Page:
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Americans should feel rightfully despondent today

Be despondent, America. Acknowledge your humanity. Surrender to the nagging instinct to feel hopeless about the level of anger and violence in the country, and
Be despondent, America. Acknowledge your humanity. Surrender to the nagging instinct to feel hopeless about the level of anger and violence in the country, and the number of guns in our midst that allow one man to instantly cause the death of others -- numerous others, or one at a time; a police officer shooting a civilian, a civilian shooting a police officer; a disturbed man shooting children and their teachers, or churchgoers, or sheriff deputies, or a wife or girlfriend; a woman killing her daughters; a teenager committing suicide.
On and on it goes, every day. The only thing that changes is the nature of the tragedy -- public or private, massive or singular, urban or suburban, racially-charged or retaliatory, in the cause of public safety, in the name of the law, as an act of vengeance or terror.
What we face today is a horrible pile-up of issues: The shooting deaths of black men by police officers in Louisiana and Minnesota, following numerous other such shootings -- as well as the death from catastrophic injury in police custody of Baltimore’s Freddie Gray -- over two years of heightened tensions between police and black citizens.
Now five police officers have been gunned down in Dallas following a protest in that city of the deaths of the men in Louisiana and Minnesota.
We are in the deep end, my fellow Americans, drowning in anger and frustration, guns and violence. I don’t know about you, but when I woke up this morning and read the news from Dallas, I felt like the country had tipped toward anarchy.
The U.S. is an exceptional country, all right. Exceptional for its political, social and racial polarization. Exceptional in its acceptance of gun ownership.
You can feel despondent. You can feel hopeless.
Dallas carries special meaning to Americans of a certain age. The shooting deaths of police officers in that city resonates with a generation that will always associate Dallas with assassination. It’s where Lee Harvey Oswald used an Italian-made, bolt-action rifle, purchased by mail order, to kill President John F. Kennedy in 1963, an event that horrified and shocked the nation and the world. Oswald also shot and killed a Dallas police officer that day; his name was J.D. Tippitt, 39 years old and the father of three children.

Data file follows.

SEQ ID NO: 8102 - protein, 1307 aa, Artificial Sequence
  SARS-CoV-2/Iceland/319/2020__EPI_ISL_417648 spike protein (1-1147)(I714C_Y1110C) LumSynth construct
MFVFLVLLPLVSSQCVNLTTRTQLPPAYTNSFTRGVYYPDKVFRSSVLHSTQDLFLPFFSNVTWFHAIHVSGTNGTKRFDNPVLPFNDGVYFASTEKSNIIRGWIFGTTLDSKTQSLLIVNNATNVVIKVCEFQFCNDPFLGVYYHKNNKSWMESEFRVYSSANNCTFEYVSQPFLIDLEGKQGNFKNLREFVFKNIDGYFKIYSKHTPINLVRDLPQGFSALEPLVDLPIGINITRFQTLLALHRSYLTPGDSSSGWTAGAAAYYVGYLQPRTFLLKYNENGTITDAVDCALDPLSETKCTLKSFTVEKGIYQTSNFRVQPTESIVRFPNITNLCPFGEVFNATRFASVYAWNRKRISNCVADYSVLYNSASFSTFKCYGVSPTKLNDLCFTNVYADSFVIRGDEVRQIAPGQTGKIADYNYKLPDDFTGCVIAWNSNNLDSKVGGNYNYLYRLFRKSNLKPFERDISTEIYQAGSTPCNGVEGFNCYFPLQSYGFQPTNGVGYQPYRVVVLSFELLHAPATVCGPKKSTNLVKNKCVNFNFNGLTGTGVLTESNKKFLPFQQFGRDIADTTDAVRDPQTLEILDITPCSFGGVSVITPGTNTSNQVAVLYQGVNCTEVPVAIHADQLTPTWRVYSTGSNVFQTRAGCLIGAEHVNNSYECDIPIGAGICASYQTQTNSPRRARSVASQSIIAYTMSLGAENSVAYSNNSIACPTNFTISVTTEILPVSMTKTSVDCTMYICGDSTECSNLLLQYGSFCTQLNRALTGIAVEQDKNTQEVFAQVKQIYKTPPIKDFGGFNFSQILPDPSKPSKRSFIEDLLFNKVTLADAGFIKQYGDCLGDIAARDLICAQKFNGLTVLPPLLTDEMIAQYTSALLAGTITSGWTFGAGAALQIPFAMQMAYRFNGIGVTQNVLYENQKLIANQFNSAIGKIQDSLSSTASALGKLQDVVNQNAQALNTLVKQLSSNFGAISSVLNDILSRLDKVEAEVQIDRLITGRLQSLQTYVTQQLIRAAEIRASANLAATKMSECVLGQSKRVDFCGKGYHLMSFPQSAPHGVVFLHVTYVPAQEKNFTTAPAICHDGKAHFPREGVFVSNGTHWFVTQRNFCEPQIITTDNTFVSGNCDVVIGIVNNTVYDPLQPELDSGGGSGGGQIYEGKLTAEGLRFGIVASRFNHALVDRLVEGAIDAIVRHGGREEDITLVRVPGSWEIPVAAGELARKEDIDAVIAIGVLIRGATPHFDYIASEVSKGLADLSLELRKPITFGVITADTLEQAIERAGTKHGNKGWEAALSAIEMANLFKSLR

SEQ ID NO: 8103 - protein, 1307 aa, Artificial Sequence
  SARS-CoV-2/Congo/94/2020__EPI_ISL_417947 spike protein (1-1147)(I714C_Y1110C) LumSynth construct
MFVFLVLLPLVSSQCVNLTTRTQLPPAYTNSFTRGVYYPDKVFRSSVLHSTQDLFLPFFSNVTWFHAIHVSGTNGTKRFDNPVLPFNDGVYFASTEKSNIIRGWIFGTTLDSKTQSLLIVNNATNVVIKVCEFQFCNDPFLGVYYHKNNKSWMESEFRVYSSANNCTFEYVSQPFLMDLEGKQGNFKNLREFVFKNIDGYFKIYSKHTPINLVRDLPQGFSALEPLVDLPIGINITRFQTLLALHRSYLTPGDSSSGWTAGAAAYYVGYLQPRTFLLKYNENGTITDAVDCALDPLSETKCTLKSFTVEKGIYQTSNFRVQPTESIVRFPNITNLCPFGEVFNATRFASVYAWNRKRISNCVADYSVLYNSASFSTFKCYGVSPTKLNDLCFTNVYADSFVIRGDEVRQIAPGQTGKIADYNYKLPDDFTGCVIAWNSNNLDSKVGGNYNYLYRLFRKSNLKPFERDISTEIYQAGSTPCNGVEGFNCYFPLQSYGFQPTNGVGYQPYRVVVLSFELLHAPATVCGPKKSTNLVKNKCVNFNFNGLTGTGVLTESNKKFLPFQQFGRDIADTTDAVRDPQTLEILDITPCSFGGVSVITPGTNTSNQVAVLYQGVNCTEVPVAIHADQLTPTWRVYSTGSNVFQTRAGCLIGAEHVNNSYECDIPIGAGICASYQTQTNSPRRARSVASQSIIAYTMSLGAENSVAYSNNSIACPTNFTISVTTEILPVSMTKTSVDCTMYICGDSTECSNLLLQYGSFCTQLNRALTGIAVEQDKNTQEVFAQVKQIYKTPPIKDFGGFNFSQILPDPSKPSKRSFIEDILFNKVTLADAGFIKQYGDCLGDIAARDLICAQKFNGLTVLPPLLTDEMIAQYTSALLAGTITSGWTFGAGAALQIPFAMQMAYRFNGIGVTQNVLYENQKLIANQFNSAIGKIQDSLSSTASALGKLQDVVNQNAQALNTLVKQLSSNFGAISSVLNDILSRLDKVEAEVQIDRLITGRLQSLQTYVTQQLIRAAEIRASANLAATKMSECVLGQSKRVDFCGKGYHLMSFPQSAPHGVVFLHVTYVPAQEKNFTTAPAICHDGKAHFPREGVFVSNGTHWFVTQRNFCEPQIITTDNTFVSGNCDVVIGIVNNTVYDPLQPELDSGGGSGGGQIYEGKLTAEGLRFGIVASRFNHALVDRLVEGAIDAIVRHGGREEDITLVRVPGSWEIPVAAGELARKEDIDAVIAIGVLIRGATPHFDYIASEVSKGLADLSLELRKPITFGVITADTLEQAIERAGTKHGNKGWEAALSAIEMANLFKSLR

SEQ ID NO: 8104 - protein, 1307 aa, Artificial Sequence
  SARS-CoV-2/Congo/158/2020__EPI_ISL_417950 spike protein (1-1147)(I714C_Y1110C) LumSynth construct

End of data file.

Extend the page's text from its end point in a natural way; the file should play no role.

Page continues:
It was a national nightmare, but it was 53 years ago, and the Kennedy assassination, while seared into memory, has been surpassed by so many other acts of violence in the country since then -- the assassinations five years later of Robert F. Kennedy and the Rev. Martin Luther King Jr., mass killings, domestic killings, drive-by homicides, drug-related murders.
More recently added to the mix, and only because of the presence of cell phone cameras, are the killings of black men by police officers. Eyes are wide open to that dark phenomenon now -- and the fear, anger and distrust it fomented -- but what do we do about it?
Overcoming the subtle prejudices as well as the white-hot racism that still exists in this country looks daunting as ever, even harder given the harsh voice of bigotry and division that has emerged in the 2016 presidential campaign.
You can feel despondent. You can feel hopeless.
Certainly there is something deeply wrong when so many black men are fatally shot by police officers. But I keep coming back to the guns.
Guns have presented us with today’s national nightmare. Guns give hatred its full, bloody force. Guns make the unspeakable real.
We are striving toward reforms -- police body cameras, ending racial profiling, de-escalating the war on drugs and mass incarceration -- but ultimately, we still have a nation bristling with guns, large and small, purchased and possessed legally and illegally, carried on the streets and sidewalks, and in cars.
I said this after Michael Brown was shot to death in Ferguson, and after Tamir Rice was shot to death in Cleveland: We can talk about these tragedies in terms of race and the use of deadly force by police and the increasingly militarized profile of police departments. Those are all hugely critical issues. But look at the role of guns. Look at the millions of guns that infest the culture at all levels (including toys, video games, TV, movies) and put so many Americans at risk in so many different ways.
The nation has just about as many guns as citizens. So no wonder the police have their fingers on triggers. The combination of the war on drugs and the rise in firepower on the street heightened tensions and increased the risk of injury or death to all involved.
The nation now has started a difficult, but much-needed conversation about racism, justice and police training. Still, guns are a huge part of this problem; there’s no way to talk around them anymore.
But, of course, we have had numerous opportunities to do that. And we have not done that, and it might be too late anyway, given the number of guns in the country by now.
So here we are, with the latest form of national horror, the assassination of police officers in Dallas. An American has every right to feel despondent today.
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